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This article is part of the supplement: Proceedings of the 8th Global Arthritis Research Network (GARN) Meeting and 1st Bio-Rheumatology International Congress (BRIC)

Oral presentation

Novel regulatory T cells controlling antibody production and systemic autoimmunity

Kazuhiko Yamamoto*, Tomohisa Okamura and Keishi Fujio

  • * Corresponding author: Kazuhiko Yamamoto

Author Affiliations

Department of Allergy and Rheumatology, The University of Tokyo Graduate School of Medicine, Tokyo, Japan

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Arthritis Research & Therapy 2012, 14(Suppl 1):O31  doi:10.1186/ar3586

The electronic version of this article is the complete one and can be found online at: http://arthritis-research.com/content/14/S1/O31


Published:9 February 2012

© 2012 Yamamoto et al.; licensee BioMed Central Ltd.

This is an Open Access article distributed under the terms of the Creative Commons Attribution License (http://creativecommons.org/licenses/by/2.0), which permits unrestricted use, distribution, and reproduction in any medium, provided the original work is properly cited.

Oral presentation

Regulatory T cells (Tregs) are engaged in the maintenance of immunological self-tolerance and immune homeostasis. IL-10 has an important role in maintaining the normal immune state. We showed that IL-10-secreting Tregs can be delineated in normal mice as CD4+CD25-Foxp3- T cells that express lymphocyte activation gene-3 (LAG-3), an MHC class II-binding CD4 homolog. CD4+CD25-LAG3+ Tregs characteristically express early growth response gene-2 (Egr-2), a key molecule for anergy induction. Retroviral gene transfer of Egr-2 converts naïve CD4+ T cells into IL-10-secreting and LAG-3-expressing Tregs. Moreover, CD4+CD25-LAG3+ Tregs show B cell-dependent development. CD4+CD25-LAG3+ Tregs, but not CD4+CD25+ Tregs, strongly suppressed the antibody production in B cells co-cultured with helper T cells. Thus, IL-10-secreting Egr-2+LAG3+CD4+ Tregs are closely related to B cells and can be exploited for the treat ment of autoimmune diseases.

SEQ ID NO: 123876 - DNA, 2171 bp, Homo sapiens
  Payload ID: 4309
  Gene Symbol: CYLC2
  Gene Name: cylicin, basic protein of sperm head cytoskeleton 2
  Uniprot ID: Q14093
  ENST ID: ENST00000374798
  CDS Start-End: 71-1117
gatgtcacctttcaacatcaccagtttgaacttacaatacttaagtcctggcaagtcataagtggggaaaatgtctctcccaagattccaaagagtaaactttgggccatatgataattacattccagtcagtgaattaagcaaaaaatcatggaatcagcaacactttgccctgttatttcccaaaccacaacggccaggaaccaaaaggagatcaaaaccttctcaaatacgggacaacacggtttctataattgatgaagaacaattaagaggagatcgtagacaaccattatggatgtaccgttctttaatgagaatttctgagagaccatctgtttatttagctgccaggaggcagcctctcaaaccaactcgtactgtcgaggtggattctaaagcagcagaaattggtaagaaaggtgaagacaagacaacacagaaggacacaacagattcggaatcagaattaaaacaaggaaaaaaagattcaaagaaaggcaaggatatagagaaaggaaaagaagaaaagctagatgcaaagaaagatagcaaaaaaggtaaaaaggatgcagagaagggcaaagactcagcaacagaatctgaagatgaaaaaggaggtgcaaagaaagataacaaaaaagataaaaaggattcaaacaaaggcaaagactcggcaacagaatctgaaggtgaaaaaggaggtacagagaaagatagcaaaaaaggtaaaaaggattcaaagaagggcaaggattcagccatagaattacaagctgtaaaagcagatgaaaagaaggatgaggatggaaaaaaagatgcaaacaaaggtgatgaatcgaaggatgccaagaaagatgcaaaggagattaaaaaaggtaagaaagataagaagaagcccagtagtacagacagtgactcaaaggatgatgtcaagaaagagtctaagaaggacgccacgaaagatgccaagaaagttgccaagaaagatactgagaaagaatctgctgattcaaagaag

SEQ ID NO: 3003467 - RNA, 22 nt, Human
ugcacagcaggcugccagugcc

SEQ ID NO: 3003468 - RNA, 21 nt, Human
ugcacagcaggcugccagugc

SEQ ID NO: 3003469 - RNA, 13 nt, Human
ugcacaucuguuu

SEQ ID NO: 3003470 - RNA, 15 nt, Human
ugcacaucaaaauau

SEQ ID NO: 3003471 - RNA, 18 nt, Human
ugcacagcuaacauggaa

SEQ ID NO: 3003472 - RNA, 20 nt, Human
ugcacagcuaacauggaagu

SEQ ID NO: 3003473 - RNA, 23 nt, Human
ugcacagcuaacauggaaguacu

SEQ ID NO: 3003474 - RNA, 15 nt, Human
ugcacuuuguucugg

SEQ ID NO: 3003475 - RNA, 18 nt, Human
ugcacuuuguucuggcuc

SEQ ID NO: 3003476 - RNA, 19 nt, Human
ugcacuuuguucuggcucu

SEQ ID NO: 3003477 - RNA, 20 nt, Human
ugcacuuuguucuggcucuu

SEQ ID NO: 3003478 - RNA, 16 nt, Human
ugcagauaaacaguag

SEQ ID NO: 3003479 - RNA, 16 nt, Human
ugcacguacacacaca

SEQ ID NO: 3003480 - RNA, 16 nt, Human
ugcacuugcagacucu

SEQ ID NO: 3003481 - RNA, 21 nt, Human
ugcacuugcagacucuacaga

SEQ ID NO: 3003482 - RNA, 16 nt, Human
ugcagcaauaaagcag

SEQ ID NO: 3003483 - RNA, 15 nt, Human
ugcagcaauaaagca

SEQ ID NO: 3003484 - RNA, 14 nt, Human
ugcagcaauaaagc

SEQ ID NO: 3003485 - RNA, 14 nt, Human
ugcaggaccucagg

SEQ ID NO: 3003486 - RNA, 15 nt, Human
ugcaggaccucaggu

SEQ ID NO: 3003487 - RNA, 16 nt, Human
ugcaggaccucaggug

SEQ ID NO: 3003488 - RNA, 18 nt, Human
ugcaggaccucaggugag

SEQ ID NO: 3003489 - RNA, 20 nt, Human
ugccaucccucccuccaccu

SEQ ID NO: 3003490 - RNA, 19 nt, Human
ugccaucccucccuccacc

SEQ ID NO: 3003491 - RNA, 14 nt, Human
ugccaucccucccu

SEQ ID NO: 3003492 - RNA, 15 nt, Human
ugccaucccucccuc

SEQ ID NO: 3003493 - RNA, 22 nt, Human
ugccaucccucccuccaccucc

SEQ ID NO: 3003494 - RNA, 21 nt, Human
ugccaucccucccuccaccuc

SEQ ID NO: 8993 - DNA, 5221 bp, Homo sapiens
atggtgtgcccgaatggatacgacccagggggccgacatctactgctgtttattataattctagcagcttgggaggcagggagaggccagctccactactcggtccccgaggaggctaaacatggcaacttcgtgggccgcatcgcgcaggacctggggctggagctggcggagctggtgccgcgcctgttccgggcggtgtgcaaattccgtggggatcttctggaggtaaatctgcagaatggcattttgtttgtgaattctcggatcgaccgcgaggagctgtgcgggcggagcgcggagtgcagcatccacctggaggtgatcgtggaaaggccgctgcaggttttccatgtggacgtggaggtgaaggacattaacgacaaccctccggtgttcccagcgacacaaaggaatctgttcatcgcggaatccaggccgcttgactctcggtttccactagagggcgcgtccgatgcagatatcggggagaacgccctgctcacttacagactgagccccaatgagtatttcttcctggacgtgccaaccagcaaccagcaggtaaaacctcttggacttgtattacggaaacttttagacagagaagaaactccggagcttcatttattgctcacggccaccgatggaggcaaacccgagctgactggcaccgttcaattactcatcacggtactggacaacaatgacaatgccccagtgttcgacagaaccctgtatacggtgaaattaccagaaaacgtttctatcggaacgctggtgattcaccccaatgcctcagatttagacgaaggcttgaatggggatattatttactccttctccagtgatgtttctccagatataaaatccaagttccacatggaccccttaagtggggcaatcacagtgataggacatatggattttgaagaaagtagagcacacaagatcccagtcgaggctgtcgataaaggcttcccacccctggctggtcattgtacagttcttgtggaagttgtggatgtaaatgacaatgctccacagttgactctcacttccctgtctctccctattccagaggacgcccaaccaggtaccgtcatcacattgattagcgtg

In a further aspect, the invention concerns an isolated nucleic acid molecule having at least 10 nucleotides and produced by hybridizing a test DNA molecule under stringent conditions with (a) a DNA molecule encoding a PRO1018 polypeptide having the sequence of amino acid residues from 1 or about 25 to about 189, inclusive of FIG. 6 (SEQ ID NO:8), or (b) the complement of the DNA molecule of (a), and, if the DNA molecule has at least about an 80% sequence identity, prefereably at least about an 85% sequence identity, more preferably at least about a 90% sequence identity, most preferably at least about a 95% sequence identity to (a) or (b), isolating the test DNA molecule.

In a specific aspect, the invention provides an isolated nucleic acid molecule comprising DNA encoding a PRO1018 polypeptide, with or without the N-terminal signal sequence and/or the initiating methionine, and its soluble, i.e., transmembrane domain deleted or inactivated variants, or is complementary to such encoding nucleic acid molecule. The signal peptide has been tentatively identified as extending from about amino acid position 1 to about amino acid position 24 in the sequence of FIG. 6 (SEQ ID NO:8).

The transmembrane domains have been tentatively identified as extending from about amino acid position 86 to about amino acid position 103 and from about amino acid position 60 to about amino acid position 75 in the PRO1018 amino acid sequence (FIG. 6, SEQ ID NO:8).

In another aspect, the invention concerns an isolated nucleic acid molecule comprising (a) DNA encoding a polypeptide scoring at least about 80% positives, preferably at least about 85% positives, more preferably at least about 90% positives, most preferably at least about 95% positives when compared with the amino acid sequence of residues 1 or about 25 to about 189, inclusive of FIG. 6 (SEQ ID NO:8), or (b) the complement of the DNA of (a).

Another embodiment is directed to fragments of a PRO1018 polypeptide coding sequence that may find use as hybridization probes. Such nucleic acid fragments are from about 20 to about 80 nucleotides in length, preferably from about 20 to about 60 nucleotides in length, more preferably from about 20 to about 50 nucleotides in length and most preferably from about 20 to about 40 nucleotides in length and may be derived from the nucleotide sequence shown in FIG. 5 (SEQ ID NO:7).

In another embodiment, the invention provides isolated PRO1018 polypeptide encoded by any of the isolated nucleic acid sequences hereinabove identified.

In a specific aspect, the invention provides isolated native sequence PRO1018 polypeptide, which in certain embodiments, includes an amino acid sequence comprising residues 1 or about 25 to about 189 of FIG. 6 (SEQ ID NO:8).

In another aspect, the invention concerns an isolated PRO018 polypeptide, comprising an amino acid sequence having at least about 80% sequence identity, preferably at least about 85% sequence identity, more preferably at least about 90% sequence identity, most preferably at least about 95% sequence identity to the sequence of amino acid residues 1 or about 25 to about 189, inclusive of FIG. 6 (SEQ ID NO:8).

Systemic lupus erythematosus (SLE) is a multisystem chronic inflammatory disease that affects many organs, and the immunological disorders are accompanied by autoantibody production. Recent case-control association study revealed that polymorphisms in the Egr-2 influence SLE susceptibility in humans. Interestingly, adoptive transfer of CD4+CD25-LAG3+ Tregs from MRL/+ mice suppressed autoantibody production and the progression of nephritis in MRL/lpr lupus prone mice. In contrast, CD4+CD25+ Tregs from MRL/+ mice exhibited no significant therapeutic effect upon transfer to MRL/lpr mice. These results indicate that CD4+CD25-LAG3+ Tregs play key roles in the regulation of humoral immunity by the strong suppressive activity for B cell antibody production.